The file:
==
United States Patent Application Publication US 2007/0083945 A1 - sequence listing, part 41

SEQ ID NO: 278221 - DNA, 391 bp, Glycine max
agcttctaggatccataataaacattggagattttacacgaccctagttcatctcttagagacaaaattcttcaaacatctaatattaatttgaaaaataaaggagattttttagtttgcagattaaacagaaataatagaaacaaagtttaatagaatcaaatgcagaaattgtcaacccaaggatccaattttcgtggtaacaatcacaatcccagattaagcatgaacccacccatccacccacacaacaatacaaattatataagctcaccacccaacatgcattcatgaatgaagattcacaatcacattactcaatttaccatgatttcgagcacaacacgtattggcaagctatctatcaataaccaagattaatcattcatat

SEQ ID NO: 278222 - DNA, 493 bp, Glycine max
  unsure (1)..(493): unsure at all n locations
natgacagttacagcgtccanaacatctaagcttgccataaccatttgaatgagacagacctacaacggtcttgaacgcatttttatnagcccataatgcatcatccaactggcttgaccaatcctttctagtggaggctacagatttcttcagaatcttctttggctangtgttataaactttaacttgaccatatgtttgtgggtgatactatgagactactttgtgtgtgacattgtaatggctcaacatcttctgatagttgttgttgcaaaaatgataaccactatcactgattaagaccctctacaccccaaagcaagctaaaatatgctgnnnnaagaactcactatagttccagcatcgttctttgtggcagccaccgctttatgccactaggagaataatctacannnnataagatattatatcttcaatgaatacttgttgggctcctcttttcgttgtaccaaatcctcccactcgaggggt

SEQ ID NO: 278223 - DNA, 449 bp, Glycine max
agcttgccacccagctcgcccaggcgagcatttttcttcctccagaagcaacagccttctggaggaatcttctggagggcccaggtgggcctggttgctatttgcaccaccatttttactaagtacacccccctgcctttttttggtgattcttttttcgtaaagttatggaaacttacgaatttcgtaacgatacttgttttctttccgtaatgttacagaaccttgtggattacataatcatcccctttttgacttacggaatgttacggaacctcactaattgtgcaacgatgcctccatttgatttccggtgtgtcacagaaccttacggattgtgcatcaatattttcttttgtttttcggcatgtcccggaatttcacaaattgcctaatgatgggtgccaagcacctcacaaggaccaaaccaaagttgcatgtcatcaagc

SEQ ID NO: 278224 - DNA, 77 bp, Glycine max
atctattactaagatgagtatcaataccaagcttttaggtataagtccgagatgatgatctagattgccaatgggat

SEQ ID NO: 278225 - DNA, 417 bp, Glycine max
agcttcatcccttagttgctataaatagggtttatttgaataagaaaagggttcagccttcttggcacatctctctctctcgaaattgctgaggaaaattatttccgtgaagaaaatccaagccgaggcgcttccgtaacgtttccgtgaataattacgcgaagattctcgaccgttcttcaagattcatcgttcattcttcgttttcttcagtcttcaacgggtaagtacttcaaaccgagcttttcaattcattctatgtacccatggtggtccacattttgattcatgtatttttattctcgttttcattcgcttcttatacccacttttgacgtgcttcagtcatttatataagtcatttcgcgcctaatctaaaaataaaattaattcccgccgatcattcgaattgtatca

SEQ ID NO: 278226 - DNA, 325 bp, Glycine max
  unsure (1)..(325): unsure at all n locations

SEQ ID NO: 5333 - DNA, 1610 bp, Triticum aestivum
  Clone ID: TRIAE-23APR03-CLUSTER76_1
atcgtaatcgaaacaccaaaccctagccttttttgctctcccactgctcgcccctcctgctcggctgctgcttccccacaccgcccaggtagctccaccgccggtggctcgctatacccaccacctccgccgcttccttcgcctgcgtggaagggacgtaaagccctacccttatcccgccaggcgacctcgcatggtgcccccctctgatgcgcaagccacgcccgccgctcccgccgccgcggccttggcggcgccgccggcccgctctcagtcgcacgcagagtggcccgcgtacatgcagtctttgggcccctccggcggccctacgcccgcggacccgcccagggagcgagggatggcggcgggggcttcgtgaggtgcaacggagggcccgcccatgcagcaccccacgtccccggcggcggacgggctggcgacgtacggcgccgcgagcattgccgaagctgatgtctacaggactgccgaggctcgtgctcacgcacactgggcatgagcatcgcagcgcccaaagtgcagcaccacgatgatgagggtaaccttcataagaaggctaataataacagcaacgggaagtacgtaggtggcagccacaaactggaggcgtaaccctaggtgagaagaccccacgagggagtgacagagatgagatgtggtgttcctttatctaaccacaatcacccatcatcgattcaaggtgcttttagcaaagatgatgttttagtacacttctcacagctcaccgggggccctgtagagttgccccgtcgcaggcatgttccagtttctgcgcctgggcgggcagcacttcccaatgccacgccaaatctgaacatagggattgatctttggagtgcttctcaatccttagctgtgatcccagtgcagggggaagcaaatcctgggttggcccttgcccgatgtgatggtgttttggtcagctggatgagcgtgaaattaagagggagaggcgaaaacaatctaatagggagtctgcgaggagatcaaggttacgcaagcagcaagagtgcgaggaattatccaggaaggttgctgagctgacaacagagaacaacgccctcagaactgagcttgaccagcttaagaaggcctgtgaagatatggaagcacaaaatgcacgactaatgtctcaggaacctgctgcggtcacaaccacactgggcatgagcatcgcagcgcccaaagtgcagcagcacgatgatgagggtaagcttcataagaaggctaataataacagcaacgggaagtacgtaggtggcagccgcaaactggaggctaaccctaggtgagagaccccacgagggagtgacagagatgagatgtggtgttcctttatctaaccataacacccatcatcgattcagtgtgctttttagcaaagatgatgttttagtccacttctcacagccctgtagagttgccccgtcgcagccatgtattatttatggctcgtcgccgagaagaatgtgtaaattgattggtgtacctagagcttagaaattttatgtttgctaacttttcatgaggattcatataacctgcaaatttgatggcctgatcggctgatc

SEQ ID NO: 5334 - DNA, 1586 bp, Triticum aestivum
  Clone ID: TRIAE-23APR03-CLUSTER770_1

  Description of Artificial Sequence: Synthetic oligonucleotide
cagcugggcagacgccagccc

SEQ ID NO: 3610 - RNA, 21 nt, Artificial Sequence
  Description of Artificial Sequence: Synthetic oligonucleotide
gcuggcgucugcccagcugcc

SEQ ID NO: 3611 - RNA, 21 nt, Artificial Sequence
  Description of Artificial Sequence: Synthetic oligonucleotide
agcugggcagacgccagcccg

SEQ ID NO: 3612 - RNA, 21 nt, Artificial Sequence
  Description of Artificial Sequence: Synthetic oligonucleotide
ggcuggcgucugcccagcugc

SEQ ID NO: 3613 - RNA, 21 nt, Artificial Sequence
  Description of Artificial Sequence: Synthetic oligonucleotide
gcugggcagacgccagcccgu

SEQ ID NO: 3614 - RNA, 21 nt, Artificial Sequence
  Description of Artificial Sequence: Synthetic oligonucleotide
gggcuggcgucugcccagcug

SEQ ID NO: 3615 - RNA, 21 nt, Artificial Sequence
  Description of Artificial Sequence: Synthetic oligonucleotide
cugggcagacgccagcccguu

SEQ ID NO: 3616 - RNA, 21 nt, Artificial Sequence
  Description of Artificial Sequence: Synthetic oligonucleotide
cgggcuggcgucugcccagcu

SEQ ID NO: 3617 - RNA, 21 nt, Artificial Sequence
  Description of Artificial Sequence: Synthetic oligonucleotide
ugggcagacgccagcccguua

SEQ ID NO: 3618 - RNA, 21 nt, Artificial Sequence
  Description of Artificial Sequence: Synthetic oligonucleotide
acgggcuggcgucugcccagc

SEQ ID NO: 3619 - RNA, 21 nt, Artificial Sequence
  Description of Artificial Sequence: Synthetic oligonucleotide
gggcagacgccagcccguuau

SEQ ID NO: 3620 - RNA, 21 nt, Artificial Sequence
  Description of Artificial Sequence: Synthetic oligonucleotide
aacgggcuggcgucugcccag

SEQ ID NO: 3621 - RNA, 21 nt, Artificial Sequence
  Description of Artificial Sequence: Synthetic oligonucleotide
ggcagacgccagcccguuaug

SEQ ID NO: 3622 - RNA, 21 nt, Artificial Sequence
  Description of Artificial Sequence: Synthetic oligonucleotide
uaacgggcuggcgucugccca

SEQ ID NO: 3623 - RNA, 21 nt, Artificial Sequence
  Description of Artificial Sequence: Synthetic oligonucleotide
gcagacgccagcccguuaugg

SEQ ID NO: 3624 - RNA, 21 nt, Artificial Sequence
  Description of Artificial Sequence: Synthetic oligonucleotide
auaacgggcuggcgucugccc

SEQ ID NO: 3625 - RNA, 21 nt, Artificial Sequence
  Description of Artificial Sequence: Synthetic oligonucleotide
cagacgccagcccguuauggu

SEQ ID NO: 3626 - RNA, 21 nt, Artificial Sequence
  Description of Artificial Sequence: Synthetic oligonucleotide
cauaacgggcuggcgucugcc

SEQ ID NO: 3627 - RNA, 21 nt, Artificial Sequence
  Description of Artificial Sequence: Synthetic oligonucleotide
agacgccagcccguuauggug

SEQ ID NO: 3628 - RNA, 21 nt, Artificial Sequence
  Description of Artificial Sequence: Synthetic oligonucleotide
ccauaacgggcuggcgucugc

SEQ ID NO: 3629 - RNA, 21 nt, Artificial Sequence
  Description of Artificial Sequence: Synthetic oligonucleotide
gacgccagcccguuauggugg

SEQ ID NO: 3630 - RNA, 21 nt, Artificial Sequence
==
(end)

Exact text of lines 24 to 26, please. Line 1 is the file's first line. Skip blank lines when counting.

gcuggcgucugcccagcugcc

SEQ ID NO: 3611 - RNA, 21 nt, Artificial Sequence
  Description of Artificial Sequence: Synthetic oligonucleotide